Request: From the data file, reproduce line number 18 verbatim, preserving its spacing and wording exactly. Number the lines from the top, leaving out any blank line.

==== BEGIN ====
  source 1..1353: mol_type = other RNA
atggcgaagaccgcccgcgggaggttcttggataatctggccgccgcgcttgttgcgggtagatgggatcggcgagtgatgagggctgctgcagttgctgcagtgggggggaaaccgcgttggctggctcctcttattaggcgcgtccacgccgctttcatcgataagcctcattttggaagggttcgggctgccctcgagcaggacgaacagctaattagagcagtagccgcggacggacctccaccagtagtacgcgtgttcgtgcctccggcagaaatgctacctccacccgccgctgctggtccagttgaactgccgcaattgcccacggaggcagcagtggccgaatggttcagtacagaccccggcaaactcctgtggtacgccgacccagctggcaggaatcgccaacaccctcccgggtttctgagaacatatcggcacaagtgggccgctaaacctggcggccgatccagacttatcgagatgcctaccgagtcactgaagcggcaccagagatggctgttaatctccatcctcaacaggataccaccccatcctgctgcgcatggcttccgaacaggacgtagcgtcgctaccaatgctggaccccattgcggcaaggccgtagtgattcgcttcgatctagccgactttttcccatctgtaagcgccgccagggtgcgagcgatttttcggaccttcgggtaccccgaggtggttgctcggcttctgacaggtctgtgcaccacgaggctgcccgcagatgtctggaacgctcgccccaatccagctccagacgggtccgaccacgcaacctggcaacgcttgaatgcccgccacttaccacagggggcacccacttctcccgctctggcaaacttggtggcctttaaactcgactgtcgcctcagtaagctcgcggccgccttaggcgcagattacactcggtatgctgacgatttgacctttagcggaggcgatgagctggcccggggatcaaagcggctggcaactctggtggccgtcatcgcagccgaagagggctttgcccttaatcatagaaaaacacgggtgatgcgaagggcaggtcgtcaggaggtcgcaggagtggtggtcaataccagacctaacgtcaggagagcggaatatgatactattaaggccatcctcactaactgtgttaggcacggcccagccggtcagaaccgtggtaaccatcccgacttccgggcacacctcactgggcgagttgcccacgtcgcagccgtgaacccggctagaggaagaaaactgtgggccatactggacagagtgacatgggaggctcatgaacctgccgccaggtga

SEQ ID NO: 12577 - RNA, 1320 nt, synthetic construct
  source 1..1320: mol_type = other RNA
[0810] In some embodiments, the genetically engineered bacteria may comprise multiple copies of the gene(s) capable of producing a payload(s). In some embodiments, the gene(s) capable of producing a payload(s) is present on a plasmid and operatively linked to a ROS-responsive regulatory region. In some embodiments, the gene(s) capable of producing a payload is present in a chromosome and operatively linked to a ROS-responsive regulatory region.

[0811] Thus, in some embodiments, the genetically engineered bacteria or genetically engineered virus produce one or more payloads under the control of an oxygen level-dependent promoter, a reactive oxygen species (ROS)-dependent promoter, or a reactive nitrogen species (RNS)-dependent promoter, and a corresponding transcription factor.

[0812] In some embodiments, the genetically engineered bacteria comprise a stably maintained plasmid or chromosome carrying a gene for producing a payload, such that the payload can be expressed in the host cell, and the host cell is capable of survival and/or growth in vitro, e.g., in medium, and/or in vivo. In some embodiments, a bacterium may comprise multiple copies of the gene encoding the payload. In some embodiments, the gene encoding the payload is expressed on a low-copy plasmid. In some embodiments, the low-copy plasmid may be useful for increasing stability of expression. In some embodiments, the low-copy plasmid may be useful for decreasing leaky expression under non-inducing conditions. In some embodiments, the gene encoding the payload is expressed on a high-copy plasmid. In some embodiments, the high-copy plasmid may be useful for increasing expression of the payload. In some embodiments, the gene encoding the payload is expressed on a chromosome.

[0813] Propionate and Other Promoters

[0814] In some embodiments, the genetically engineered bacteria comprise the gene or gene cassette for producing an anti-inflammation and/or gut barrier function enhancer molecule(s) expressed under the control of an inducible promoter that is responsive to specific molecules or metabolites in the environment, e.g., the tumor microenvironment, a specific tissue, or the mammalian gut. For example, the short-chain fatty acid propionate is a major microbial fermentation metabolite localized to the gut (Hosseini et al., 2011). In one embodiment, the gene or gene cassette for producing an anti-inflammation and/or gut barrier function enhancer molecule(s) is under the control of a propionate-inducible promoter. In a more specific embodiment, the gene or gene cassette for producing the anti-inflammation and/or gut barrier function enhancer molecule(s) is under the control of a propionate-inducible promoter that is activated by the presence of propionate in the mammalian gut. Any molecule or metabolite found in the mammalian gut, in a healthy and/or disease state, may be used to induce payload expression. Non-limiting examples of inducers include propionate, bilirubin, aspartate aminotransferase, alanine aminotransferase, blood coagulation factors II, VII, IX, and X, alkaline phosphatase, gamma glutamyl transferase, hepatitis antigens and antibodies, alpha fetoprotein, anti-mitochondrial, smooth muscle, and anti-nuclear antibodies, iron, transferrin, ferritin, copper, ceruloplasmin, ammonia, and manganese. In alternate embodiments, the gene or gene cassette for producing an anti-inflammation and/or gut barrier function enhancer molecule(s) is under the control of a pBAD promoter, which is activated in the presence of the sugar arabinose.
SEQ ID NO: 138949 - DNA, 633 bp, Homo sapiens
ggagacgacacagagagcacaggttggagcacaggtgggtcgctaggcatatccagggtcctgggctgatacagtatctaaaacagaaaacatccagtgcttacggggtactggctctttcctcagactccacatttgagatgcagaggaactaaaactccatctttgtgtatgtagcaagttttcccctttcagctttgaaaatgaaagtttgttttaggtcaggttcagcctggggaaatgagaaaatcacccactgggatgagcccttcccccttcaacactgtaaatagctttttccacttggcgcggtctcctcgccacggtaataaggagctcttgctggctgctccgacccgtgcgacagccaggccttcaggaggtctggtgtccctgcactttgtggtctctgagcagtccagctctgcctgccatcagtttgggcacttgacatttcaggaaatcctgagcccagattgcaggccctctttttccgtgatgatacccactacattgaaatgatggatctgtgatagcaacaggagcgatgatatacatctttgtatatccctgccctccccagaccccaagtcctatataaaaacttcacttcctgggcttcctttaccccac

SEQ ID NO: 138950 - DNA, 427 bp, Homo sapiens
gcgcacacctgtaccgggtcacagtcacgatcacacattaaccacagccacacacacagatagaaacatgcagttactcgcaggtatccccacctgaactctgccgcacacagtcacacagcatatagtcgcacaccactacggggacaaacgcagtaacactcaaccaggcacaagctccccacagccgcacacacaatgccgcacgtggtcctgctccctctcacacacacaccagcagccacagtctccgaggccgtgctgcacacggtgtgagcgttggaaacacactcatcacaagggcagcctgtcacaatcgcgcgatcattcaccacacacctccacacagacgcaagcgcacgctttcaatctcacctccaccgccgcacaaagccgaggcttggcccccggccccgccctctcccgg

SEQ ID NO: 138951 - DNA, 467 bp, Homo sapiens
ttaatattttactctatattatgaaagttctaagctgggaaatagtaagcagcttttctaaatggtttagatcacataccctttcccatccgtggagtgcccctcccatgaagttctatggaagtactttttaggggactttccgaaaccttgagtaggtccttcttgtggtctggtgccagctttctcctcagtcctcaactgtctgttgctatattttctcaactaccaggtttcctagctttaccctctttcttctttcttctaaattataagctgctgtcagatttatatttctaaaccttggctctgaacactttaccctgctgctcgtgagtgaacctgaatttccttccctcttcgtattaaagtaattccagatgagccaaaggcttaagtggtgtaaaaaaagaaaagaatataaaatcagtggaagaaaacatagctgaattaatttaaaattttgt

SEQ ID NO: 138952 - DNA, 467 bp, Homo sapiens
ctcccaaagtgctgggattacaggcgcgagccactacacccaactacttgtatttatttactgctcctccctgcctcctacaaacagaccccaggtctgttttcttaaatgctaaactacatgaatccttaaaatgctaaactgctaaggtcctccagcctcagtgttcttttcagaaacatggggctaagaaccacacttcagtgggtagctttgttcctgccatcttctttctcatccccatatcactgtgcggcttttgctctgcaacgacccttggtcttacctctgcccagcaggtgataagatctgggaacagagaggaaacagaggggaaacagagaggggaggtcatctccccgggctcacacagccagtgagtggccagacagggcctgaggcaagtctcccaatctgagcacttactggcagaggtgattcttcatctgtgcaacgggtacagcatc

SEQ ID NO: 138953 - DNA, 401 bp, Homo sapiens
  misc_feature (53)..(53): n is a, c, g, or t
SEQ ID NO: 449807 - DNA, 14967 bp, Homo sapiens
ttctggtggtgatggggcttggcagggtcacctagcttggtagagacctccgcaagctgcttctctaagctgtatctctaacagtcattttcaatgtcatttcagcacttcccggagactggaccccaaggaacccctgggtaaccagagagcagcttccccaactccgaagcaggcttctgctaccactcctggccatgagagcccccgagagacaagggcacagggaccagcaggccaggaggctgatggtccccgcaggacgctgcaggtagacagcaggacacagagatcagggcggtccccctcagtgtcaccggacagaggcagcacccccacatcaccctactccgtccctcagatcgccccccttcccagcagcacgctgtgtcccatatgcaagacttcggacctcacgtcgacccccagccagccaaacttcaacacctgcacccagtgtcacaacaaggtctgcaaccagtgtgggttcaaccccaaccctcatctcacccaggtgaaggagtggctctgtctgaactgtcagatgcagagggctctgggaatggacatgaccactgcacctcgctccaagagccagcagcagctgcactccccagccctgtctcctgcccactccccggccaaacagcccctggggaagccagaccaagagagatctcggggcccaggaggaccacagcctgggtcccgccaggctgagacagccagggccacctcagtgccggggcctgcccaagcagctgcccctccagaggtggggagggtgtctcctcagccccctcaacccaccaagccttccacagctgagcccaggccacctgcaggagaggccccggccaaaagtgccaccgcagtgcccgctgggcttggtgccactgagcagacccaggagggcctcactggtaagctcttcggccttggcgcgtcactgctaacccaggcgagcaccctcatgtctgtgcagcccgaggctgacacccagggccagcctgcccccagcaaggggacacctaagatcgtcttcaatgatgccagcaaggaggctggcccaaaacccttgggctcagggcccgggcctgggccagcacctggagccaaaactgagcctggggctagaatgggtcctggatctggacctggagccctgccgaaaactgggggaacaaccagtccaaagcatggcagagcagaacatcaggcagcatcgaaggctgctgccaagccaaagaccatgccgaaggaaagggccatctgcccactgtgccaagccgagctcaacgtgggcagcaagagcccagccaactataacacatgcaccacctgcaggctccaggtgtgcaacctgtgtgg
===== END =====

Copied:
SEQ ID NO: 138953 - DNA, 401 bp, Homo sapiens